You may not be familiar with the name of the condition, but you probably know one of the most famous examples of rosacea — W.C. Fields. The bulbous, reddened nose is a symptom of advanced rosacea known as rhinophyma. This symptom usually occurs only in men, but rosacea itself is far more common in women. President Clinton also has rosacea, though not as severe a case as W.C. Fields.
Rosacea is an inflammatory skin condition that affects the face, causing redness, pimples (with or without pus), enlarged blood vessels that look like red lines and sometimes the bumps on the nose that cause the swollen, bulbous look.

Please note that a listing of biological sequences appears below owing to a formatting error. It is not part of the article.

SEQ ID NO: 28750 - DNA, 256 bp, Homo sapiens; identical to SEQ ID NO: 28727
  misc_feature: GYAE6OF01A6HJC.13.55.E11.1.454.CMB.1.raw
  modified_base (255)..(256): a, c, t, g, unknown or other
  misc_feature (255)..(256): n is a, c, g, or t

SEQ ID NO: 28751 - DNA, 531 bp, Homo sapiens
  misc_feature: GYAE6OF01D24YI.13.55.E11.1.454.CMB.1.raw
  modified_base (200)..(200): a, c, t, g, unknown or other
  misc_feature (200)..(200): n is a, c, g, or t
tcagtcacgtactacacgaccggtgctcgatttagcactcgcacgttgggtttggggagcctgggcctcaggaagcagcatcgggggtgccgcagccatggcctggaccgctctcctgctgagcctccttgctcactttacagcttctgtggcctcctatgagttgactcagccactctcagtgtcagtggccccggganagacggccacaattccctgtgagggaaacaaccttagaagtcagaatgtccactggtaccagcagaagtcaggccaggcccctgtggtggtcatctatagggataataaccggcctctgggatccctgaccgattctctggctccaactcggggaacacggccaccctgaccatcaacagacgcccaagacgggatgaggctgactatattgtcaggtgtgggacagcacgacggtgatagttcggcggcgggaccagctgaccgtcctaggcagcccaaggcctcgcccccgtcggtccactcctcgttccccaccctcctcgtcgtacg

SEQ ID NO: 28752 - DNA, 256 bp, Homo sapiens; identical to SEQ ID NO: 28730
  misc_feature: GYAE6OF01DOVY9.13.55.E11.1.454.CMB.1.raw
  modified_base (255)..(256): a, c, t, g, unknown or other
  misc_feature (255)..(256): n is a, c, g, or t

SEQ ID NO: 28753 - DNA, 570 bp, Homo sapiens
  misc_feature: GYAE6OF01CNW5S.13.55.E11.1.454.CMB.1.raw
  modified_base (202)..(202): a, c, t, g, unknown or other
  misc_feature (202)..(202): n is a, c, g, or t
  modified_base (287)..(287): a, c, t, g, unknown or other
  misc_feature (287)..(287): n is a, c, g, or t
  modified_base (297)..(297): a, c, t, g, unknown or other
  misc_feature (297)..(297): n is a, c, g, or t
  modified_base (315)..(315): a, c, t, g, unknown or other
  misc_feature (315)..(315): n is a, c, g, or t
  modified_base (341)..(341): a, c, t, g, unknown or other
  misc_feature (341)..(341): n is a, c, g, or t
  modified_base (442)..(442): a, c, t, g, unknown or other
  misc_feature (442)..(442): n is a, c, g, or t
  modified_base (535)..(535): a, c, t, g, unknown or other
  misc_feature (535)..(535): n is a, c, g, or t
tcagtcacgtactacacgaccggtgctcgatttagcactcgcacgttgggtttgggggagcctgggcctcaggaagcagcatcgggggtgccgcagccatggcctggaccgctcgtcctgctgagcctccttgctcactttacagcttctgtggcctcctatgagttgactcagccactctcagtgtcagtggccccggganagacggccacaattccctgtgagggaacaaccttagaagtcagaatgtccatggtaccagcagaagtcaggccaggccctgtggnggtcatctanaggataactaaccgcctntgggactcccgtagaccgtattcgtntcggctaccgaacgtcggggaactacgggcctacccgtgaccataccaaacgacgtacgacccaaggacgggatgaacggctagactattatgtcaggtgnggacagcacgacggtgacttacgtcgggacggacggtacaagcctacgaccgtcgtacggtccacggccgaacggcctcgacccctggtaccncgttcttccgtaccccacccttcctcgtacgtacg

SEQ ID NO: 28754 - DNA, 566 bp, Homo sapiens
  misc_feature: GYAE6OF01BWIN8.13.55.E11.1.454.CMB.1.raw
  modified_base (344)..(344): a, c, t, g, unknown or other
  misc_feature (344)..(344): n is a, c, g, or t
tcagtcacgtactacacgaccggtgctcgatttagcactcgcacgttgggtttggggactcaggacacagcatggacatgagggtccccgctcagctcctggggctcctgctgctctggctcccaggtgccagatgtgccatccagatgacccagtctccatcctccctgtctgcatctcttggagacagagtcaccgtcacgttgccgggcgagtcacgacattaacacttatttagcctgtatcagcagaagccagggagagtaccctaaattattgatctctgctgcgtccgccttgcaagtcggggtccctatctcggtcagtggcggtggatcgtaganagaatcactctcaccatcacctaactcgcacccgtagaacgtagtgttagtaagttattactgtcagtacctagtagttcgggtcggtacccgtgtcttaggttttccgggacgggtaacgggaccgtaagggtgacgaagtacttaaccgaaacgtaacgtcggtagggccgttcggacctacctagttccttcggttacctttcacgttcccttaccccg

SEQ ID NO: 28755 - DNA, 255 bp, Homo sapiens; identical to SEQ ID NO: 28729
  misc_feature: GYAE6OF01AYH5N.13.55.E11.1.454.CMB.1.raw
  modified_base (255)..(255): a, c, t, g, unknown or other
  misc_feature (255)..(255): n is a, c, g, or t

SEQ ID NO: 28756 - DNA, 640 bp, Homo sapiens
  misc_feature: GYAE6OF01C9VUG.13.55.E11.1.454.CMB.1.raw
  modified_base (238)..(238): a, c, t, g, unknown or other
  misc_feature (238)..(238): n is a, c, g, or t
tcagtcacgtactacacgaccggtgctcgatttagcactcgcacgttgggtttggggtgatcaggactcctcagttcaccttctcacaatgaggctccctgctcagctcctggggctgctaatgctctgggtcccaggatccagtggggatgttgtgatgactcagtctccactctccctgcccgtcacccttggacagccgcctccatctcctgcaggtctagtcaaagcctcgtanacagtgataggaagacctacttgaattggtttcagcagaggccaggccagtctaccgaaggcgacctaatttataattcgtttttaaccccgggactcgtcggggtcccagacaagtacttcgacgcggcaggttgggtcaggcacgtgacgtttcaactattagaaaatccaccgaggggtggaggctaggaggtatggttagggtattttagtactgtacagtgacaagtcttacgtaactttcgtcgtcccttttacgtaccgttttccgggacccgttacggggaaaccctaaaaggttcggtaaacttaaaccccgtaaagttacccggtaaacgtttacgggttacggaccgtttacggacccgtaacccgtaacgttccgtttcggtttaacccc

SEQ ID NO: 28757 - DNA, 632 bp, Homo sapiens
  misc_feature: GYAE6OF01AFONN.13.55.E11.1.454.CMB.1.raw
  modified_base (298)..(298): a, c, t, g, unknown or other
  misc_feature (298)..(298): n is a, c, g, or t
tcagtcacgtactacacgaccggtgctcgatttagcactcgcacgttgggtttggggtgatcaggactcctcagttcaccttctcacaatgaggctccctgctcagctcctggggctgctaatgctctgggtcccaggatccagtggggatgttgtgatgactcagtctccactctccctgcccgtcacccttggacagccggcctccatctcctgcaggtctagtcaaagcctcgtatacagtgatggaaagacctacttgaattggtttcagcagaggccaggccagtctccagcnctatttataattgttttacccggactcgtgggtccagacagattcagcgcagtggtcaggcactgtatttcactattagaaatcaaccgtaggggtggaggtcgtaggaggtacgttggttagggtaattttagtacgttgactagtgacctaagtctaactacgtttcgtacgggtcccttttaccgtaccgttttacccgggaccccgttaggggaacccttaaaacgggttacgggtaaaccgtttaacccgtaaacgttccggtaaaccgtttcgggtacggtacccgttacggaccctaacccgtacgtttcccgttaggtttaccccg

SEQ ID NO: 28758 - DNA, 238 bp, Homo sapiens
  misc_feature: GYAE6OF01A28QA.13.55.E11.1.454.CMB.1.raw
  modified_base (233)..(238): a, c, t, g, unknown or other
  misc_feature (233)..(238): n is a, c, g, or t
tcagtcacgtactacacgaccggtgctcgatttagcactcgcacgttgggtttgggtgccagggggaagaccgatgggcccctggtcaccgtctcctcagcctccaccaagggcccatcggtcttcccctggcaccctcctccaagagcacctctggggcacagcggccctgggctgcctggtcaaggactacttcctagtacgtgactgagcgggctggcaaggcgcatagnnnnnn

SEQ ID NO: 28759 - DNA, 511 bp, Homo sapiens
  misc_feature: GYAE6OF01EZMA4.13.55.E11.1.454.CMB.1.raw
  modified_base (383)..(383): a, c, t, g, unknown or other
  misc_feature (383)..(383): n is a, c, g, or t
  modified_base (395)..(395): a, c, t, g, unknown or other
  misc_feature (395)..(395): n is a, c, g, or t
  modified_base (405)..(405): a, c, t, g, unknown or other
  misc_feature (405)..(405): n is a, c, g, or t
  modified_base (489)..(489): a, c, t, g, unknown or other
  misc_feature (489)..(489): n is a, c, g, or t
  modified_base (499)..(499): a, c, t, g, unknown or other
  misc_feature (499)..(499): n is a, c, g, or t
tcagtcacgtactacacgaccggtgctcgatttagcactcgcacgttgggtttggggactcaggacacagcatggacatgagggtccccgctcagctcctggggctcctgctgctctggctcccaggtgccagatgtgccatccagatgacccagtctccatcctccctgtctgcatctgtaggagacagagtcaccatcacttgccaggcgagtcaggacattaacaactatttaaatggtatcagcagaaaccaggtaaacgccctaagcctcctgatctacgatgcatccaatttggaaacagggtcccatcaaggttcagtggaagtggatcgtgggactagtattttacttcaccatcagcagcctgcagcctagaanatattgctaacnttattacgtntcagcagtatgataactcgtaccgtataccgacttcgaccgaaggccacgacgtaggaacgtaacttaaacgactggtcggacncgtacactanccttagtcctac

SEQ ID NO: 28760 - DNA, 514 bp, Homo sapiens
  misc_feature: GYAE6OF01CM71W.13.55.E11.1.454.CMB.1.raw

Rosacea typically occurs in people aged 30 to 50. It is more prevalent in fair-skinned people whose skin tends to flush and blush easily.
There is no known cure for rosacea, but it can be treated and controlled with a combination of medications, skin hygiene techniques and lifestyle changes. Antibiotics are used to treat rosacea, but not because it is an infection. Antibiotics are believed to help because they have anti-inflammatory properties.